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NCJRS Abstract

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NCJ Number: 98066 Find in a Library
Title: Effects of Divorce Mediation and Adjudication Procedures on Children (From Final Report of the Divorce Mediation Research Project, 1984 See NCJ-98054)
Author(s): J Pearson; N Thoennes; W F Hodges
Corporate Author: Assoc of Family and Conciliation Courts
Research Unit
United States of America
Date Published: 1984
Page Count: 37
Sponsoring Agency: Assoc of Family and Conciliation Courts
Denver, CO 80218
US Dept of Health and Human Services
Washington, DC 20447
Grant Number: 90-CW-634
Document: PDF
Format: Document
Language: English
Country: United States of America
Annotation: This study evaluated the degree to which various legal and nonadversarial proceedings associated with divorce affect child adjustment.
Abstract: Child adjustment outcomes were compared on the basis of interviews with three sets of parents who had varying divorce dispute characteristics. The first set consisted of 78 parents who divorced without contesting custody or visitation. The second set consisted of 50 parents who disputed custody/visitation issues but resolved them with the aid of attorneys, custody evaluators, or court hearings. The final set consisted of 172 parents who formally disputed custody/visitation but were diverted from traditional legal channels and attended mediation sessions at court-based programs. Two parent report scales dealing with child behavior and with positive and negative aspects of divorce were also administered. The noncontesting and adversarial samples were drawn in Colorado; the mediation samples, from Los Angeles Superior Court, Minnesota's Hennepin County Court, and Connecticut Superior Court. Three interviews were conducted with each set of parents. The first occurred as the case was identified; the second, 3 months later; and the third, 12 to 15 months after the initial interview. Finally, a small number of in depth interviews was conducted with both parents and children. Results reveal no significant differences in child adjustment to divorce among the groups studied. Future research should establish objective measures of child adjustment and develop and test them on children of divorce. Two figures, 8 tables, and 31 references are included.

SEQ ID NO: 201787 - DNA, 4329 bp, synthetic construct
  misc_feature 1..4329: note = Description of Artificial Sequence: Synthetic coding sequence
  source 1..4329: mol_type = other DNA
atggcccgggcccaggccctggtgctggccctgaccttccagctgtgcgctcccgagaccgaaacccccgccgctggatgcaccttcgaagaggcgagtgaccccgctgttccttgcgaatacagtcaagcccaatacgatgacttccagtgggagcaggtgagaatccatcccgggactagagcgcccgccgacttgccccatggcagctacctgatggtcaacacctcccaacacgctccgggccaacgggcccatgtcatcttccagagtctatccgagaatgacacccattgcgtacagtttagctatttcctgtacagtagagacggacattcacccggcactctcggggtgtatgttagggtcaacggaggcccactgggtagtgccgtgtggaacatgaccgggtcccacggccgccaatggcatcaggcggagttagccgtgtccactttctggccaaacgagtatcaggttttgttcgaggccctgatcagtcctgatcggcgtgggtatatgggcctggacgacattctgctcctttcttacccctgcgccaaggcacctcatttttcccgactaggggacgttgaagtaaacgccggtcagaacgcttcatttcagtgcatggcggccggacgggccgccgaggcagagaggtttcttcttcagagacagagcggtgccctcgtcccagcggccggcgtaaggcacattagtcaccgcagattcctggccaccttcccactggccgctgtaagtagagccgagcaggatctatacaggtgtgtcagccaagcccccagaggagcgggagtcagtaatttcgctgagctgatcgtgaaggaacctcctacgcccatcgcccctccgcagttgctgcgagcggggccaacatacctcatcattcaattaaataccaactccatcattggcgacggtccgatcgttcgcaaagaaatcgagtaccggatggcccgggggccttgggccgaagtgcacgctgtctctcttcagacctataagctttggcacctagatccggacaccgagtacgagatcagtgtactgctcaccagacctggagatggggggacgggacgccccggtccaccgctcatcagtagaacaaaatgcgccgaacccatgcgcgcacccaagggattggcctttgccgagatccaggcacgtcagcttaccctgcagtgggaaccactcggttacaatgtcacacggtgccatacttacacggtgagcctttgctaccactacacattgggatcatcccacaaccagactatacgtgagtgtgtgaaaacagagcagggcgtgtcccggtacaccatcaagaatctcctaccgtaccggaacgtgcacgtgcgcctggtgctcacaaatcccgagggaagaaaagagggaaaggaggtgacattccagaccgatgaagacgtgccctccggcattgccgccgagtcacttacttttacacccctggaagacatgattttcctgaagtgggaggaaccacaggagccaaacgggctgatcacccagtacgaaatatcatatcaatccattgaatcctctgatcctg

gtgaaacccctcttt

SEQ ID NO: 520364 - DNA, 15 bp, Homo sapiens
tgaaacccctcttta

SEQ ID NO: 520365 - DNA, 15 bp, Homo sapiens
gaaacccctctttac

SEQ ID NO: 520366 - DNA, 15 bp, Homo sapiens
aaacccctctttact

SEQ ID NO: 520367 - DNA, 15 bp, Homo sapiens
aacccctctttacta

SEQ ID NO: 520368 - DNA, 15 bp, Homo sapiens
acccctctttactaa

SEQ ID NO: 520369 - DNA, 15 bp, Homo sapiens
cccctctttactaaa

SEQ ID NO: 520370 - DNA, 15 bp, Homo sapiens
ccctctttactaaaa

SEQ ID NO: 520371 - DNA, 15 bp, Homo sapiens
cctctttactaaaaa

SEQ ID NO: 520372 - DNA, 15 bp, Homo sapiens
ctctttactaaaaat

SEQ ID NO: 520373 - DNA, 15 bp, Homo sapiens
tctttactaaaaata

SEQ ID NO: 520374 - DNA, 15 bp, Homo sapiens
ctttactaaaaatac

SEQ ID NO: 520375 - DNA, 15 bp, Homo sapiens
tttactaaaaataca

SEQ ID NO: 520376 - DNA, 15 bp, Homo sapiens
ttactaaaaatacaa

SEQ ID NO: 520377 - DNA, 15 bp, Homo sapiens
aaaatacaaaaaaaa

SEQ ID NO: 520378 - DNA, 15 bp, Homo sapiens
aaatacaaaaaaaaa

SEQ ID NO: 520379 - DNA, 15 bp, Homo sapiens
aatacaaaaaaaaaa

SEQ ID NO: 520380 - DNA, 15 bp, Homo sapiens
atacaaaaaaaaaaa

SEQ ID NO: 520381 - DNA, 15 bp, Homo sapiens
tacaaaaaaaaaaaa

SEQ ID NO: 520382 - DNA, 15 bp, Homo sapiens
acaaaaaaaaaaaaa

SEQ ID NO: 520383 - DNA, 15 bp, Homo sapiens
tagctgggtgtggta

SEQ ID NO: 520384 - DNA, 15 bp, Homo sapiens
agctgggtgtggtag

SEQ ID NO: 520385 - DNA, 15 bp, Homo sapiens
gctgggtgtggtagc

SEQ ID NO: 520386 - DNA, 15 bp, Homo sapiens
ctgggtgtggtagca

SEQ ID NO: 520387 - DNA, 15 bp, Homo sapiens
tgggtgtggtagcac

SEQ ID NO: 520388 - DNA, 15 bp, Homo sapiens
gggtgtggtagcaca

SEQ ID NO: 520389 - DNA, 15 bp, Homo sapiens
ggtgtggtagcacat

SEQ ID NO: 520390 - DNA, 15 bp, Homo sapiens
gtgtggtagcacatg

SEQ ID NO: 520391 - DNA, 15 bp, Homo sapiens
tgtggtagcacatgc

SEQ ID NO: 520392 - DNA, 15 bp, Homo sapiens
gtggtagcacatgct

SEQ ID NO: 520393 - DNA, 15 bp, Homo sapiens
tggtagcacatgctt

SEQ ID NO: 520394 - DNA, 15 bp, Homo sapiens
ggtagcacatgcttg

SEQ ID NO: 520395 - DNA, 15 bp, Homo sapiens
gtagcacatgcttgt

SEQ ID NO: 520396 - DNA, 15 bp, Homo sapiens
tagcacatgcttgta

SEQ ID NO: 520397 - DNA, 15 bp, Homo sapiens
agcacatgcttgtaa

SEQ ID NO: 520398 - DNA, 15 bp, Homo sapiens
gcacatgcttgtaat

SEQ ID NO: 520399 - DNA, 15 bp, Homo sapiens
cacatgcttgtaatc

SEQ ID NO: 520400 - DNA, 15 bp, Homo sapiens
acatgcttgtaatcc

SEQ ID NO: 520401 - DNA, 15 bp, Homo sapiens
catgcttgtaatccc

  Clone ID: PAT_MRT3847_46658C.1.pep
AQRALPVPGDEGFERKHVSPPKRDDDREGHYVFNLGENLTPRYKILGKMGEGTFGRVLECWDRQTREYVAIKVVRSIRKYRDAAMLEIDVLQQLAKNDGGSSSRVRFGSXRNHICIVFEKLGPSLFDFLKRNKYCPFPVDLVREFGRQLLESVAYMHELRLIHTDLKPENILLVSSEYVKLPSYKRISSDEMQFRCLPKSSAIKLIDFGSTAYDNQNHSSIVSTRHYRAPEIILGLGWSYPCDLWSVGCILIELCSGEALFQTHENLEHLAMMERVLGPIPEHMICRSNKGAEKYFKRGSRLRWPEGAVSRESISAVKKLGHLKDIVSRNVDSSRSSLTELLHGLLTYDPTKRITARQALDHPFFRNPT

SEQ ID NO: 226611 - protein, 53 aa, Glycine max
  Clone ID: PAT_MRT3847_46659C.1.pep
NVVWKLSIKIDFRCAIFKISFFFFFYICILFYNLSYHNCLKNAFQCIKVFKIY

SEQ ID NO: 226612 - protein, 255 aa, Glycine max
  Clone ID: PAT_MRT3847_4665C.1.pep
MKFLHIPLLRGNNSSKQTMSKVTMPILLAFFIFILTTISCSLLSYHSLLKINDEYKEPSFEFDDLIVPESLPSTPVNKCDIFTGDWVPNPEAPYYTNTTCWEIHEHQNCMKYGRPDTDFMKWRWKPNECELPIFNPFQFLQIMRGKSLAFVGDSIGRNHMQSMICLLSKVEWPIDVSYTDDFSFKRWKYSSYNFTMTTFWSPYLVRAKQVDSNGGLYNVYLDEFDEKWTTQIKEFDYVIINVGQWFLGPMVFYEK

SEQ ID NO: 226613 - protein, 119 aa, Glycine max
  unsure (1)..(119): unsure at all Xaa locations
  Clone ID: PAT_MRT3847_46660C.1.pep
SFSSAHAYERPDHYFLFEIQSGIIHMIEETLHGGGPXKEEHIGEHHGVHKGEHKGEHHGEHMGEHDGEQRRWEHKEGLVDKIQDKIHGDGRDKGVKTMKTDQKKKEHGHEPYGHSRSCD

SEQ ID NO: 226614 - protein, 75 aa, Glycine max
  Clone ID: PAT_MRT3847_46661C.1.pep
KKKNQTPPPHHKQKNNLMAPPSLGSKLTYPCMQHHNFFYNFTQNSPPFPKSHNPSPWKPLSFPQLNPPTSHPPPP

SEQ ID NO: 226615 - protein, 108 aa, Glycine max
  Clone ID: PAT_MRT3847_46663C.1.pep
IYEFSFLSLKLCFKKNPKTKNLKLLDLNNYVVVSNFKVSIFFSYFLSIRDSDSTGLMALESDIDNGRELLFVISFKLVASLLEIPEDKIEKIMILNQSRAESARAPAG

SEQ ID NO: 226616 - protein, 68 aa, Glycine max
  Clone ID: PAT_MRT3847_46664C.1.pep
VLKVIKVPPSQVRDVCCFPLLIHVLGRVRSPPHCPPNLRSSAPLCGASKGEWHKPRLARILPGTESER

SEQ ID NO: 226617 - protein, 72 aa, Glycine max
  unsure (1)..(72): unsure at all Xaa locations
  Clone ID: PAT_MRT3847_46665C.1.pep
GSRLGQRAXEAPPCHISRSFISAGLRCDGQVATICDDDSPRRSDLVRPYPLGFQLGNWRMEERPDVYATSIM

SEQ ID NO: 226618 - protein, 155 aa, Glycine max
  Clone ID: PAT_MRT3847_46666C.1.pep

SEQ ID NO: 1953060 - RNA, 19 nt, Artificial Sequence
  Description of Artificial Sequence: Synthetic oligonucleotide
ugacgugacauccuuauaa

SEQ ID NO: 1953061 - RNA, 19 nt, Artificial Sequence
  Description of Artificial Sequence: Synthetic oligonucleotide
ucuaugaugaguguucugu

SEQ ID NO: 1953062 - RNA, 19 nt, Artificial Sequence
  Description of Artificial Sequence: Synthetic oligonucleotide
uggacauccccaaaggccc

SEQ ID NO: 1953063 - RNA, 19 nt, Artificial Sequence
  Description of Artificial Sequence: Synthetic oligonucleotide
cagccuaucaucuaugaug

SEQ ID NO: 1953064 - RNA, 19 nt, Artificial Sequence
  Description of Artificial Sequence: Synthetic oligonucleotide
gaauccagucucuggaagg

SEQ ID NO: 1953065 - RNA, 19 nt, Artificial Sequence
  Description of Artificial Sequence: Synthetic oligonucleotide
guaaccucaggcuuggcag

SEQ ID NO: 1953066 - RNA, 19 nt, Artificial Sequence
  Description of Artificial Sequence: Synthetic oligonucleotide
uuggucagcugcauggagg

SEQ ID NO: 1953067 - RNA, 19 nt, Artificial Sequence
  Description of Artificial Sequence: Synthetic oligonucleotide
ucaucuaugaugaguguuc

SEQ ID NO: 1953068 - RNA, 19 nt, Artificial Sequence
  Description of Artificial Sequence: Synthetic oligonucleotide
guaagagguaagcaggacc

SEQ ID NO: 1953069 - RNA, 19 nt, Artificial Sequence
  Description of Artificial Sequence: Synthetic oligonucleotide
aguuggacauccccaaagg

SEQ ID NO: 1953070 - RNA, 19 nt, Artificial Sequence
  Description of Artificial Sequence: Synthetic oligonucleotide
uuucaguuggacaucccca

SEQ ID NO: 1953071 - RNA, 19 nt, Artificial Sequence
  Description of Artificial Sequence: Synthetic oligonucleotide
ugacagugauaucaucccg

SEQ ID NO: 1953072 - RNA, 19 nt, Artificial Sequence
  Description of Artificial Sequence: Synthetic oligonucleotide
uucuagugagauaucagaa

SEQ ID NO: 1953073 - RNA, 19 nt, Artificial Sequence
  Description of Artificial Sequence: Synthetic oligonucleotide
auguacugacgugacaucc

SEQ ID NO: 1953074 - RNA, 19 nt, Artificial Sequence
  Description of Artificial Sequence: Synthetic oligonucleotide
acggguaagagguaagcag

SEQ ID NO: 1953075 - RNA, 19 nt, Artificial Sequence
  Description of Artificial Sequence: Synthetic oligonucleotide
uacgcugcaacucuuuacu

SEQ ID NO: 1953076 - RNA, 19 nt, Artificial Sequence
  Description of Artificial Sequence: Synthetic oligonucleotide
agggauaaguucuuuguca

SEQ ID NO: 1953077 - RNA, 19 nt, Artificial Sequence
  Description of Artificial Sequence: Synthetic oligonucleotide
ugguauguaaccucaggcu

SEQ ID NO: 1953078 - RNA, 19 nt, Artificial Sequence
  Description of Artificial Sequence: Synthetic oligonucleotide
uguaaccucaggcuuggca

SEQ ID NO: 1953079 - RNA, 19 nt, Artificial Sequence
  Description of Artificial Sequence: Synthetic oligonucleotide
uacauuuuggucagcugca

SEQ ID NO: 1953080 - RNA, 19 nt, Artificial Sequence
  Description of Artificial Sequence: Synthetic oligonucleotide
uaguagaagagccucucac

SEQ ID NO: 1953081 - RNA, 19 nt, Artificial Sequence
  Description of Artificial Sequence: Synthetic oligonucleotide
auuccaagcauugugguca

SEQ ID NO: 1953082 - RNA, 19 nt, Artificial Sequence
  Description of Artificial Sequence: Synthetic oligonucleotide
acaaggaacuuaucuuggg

Index Term(s): Alternative dispute settlement; California; Child custody; Colorado; Connecticut; Divorce mediation; Domestic relations; Minnesota
To cite this abstract, use the following link:
http://www.ncjrs.gov/App/publications/abstract.aspx?ID=98066

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